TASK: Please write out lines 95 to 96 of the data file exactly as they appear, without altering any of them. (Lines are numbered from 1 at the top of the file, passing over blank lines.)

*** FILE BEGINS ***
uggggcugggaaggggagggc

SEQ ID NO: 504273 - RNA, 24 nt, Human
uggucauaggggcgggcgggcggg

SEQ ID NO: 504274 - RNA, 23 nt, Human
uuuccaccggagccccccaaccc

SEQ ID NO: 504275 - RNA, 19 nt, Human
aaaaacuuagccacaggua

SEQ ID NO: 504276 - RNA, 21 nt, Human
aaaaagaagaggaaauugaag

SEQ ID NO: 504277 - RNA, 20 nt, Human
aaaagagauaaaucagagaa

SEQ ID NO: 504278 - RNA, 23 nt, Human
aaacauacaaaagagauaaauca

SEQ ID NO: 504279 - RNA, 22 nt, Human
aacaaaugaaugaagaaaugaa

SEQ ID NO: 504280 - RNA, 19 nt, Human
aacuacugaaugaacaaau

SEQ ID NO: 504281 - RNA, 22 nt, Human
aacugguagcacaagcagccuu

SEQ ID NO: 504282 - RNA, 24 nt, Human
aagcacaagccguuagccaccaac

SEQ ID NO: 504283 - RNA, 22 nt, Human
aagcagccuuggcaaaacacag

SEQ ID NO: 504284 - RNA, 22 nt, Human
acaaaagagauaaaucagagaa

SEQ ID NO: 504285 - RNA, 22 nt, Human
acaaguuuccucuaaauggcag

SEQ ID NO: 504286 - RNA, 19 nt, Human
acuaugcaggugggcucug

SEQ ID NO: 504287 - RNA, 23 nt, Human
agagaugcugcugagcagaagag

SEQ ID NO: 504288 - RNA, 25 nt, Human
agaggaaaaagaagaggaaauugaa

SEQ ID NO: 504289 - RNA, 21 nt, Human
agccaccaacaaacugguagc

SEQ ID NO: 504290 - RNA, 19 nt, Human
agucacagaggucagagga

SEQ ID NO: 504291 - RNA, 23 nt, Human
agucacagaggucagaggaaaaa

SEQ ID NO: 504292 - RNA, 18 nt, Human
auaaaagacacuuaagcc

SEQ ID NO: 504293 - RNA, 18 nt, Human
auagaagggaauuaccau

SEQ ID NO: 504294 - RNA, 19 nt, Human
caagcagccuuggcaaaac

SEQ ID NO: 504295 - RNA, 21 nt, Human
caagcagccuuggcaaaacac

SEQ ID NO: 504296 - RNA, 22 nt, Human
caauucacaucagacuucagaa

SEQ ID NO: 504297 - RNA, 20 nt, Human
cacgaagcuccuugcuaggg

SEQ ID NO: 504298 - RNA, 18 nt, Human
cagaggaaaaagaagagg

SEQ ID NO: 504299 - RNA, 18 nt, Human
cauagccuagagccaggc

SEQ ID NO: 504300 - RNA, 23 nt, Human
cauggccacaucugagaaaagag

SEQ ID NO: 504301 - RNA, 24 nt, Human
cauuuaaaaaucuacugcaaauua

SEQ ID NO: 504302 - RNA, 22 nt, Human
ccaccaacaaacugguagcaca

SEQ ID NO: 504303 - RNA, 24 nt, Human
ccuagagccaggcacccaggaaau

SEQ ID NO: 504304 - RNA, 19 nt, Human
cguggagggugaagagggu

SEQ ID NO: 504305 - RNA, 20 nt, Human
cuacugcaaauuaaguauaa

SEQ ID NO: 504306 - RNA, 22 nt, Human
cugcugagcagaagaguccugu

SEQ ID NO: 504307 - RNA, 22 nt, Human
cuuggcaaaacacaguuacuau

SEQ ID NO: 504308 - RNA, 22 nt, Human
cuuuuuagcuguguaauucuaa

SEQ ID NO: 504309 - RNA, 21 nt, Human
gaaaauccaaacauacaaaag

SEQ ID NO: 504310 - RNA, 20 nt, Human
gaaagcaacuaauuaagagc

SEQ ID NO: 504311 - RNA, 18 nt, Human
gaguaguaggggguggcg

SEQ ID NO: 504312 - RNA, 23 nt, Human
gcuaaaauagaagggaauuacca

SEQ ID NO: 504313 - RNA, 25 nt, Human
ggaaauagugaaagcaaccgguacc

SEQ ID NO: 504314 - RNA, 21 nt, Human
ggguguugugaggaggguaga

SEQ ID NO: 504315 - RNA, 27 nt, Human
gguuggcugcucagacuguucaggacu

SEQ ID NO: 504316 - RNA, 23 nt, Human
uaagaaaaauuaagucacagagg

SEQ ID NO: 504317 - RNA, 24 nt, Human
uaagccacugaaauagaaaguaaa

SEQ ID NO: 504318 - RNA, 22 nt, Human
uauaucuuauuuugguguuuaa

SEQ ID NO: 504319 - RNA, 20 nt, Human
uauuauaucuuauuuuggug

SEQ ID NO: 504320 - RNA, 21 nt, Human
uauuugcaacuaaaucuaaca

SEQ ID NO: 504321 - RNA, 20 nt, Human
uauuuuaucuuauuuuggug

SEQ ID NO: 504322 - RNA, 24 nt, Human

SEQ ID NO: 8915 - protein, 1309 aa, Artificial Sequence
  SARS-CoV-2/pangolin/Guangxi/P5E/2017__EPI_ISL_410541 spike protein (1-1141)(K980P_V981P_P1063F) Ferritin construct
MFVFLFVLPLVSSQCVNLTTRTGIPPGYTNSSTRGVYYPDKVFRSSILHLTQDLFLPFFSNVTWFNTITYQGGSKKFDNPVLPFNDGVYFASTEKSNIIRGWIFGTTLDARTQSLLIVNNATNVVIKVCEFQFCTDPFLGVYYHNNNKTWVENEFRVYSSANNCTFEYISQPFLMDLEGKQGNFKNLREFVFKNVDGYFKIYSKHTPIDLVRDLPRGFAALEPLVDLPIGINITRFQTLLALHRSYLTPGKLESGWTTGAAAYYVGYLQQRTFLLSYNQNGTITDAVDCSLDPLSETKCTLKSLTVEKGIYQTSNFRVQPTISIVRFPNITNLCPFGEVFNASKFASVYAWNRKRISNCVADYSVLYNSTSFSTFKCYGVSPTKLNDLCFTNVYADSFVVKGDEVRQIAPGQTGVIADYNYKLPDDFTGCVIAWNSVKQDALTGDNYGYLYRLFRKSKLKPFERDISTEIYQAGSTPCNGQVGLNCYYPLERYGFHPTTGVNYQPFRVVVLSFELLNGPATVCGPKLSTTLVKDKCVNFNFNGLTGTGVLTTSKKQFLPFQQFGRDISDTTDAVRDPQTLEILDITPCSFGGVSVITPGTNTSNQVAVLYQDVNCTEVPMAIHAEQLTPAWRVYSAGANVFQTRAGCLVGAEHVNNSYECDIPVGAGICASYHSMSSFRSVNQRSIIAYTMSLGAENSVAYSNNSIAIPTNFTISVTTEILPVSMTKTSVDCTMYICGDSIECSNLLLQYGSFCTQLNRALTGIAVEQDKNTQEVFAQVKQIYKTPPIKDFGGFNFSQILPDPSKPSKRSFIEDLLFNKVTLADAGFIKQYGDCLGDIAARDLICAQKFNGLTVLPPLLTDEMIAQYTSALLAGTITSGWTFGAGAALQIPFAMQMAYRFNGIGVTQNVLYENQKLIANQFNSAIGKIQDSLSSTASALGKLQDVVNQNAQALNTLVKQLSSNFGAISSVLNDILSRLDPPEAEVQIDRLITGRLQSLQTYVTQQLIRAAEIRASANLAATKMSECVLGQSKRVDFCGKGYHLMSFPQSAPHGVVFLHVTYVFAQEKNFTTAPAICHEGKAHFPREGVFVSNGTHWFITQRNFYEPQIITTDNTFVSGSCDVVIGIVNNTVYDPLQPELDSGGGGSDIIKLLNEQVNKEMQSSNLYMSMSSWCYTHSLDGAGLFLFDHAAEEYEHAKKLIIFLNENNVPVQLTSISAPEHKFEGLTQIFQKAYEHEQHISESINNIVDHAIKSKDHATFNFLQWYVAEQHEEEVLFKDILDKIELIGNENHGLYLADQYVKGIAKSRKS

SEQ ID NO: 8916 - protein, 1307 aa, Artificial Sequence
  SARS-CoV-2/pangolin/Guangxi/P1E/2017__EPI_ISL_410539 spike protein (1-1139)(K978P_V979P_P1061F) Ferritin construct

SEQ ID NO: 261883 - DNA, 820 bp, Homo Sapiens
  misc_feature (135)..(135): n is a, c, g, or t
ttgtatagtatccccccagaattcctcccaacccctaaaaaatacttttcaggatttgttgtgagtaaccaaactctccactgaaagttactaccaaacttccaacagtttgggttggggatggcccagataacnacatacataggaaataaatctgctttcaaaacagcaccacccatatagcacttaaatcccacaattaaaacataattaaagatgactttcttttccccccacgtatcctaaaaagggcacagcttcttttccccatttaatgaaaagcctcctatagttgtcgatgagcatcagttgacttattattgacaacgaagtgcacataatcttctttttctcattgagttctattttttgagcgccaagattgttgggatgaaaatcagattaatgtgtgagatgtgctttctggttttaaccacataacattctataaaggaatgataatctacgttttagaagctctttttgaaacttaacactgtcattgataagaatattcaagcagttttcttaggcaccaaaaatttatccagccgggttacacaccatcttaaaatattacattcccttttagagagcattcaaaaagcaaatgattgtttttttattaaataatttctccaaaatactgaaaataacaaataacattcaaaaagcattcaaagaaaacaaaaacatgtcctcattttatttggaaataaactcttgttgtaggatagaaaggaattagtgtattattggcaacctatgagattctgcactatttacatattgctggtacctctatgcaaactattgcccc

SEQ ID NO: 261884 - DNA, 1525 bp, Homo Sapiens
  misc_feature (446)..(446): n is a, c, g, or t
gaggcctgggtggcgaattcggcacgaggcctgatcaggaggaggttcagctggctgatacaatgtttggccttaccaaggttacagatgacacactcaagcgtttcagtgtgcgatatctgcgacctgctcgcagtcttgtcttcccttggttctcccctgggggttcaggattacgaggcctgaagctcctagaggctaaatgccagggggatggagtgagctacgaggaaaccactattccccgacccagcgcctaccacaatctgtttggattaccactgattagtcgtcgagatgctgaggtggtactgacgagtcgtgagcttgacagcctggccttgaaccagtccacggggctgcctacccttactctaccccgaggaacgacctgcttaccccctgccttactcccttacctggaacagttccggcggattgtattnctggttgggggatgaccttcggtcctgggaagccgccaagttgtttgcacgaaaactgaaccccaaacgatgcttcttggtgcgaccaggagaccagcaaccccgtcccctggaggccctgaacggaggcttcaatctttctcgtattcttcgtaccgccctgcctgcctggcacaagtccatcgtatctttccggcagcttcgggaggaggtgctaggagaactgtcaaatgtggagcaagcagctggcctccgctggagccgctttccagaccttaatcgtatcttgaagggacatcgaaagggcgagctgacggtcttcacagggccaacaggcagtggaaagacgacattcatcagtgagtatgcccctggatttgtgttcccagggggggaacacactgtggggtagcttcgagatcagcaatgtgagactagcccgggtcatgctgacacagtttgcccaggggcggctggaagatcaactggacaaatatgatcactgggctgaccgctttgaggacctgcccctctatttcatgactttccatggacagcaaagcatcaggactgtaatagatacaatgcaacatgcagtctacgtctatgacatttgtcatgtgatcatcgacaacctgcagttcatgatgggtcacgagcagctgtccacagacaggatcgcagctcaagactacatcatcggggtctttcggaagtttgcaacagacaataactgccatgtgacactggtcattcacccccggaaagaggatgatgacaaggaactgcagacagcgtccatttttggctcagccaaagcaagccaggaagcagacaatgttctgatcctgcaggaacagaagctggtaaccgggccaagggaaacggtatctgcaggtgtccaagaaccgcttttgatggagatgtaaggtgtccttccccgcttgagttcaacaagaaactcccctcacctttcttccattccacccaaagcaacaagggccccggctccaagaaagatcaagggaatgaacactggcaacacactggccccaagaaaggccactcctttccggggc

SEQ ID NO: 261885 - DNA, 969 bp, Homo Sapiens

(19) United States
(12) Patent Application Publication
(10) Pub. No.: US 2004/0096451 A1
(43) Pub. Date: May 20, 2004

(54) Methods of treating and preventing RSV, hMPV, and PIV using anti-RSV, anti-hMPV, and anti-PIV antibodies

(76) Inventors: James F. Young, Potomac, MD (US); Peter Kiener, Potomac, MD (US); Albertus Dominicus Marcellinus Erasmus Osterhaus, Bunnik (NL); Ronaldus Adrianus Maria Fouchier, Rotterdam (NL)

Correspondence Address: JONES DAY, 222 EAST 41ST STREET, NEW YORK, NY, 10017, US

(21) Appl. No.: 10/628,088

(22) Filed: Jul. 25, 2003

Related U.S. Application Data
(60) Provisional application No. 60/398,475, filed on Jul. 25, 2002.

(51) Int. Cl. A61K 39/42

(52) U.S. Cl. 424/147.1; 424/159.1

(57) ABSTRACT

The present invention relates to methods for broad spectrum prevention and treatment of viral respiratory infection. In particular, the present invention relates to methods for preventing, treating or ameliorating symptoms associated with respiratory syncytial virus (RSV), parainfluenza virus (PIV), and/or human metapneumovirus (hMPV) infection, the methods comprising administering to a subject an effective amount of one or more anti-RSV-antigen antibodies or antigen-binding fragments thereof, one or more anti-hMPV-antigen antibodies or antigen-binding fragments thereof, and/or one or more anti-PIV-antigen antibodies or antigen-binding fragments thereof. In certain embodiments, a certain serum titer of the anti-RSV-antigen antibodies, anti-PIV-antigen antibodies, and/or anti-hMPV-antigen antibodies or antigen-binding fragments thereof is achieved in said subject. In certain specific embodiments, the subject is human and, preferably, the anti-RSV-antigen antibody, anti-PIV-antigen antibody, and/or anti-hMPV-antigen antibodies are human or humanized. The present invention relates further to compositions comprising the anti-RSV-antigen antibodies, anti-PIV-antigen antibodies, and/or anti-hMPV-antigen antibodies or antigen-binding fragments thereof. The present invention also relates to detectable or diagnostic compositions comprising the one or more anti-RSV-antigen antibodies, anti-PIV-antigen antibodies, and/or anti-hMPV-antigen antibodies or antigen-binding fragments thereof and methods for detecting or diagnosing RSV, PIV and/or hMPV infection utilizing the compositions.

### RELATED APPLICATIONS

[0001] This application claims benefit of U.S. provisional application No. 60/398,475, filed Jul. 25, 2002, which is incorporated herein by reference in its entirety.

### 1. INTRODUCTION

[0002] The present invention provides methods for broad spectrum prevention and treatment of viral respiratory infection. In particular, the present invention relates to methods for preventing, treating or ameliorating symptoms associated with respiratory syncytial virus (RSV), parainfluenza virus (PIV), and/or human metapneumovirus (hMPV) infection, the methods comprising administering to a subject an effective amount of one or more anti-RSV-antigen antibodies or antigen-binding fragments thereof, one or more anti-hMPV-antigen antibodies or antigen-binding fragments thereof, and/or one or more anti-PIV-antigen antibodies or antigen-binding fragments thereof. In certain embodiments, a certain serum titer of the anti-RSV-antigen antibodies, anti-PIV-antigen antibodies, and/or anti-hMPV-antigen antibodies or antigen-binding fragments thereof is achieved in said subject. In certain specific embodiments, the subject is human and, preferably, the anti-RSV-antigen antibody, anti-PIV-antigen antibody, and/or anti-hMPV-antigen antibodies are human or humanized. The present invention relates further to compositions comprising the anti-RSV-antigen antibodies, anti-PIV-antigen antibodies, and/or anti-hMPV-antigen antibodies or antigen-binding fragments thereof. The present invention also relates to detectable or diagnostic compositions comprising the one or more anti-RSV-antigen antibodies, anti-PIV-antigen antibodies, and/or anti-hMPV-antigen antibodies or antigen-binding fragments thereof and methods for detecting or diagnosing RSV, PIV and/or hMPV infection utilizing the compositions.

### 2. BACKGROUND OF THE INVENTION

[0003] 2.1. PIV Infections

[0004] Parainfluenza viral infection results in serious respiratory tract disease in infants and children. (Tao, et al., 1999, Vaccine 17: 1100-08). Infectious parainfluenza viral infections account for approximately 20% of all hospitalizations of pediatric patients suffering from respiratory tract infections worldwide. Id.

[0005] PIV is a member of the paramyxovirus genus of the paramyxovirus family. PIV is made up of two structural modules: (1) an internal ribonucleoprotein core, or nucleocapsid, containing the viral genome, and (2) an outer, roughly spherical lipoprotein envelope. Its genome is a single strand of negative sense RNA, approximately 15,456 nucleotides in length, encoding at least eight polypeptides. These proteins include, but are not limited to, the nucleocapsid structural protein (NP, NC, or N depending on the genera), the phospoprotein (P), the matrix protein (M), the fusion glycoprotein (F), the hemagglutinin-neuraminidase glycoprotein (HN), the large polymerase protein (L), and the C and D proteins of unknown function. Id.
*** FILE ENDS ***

uauuauaucuuauuuuggug

SEQ ID NO: 504320 - RNA, 21 nt, Human